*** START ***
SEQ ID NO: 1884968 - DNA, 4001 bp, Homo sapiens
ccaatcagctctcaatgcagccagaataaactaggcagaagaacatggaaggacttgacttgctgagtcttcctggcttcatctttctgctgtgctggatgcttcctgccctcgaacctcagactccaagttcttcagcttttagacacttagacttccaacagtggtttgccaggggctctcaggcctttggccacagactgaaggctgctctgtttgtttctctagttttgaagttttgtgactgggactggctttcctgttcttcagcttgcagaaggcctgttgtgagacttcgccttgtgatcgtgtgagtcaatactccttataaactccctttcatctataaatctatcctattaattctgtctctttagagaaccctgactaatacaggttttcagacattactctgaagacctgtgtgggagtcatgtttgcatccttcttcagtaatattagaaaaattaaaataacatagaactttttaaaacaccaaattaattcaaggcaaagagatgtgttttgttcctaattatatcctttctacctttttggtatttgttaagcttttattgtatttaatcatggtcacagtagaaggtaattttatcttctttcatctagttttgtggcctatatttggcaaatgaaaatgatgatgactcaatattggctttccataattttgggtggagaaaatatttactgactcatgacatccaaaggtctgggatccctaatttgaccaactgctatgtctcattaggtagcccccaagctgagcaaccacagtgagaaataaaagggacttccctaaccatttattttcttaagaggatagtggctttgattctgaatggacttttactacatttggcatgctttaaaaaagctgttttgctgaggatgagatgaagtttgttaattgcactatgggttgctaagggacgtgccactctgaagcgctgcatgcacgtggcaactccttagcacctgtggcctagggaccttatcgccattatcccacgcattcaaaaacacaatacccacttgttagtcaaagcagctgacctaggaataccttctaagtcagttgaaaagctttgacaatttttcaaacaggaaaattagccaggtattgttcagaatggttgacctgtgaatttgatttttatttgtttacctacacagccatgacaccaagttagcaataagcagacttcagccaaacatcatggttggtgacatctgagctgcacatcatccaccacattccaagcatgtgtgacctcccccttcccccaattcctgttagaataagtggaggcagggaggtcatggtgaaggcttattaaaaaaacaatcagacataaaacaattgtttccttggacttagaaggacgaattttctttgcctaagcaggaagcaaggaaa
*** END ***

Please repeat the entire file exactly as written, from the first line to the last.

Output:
SEQ ID NO: 1884968 - DNA, 4001 bp, Homo sapiens
ccaatcagctctcaatgcagccagaataaactaggcagaagaacatggaaggacttgacttgctgagtcttcctggcttcatctttctgctgtgctggatgcttcctgccctcgaacctcagactccaagttcttcagcttttagacacttagacttccaacagtggtttgccaggggctctcaggcctttggccacagactgaaggctgctctgtttgtttctctagttttgaagttttgtgactgggactggctttcctgttcttcagcttgcagaaggcctgttgtgagacttcgccttgtgatcgtgtgagtcaatactccttataaactccctttcatctataaatctatcctattaattctgtctctttagagaaccctgactaatacaggttttcagacattactctgaagacctgtgtgggagtcatgtttgcatccttcttcagtaatattagaaaaattaaaataacatagaactttttaaaacaccaaattaattcaaggcaaagagatgtgttttgttcctaattatatcctttctacctttttggtatttgttaagcttttattgtatttaatcatggtcacagtagaaggtaattttatcttctttcatctagttttgtggcctatatttggcaaatgaaaatgatgatgactcaatattggctttccataattttgggtggagaaaatatttactgactcatgacatccaaaggtctgggatccctaatttgaccaactgctatgtctcattaggtagcccccaagctgagcaaccacagtgagaaataaaagggacttccctaaccatttattttcttaagaggatagtggctttgattctgaatggacttttactacatttggcatgctttaaaaaagctgttttgctgaggatgagatgaagtttgttaattgcactatgggttgctaagggacgtgccactctgaagcgctgcatgcacgtggcaactccttagcacctgtggcctagggaccttatcgccattatcccacgcattcaaaaacacaatacccacttgttagtcaaagcagctgacctaggaataccttctaagtcagttgaaaagctttgacaatttttcaaacaggaaaattagccaggtattgttcagaatggttgacctgtgaatttgatttttatttgtttacctacacagccatgacaccaagttagcaataagcagacttcagccaaacatcatggttggtgacatctgagctgcacatcatccaccacattccaagcatgtgtgacctcccccttcccccaattcctgttagaataagtggaggcagggaggtcatggtgaaggcttattaaaaaaacaatcagacataaaacaattgtttccttggacttagaaggacgaattttctttgcctaagcaggaagcaaggaaa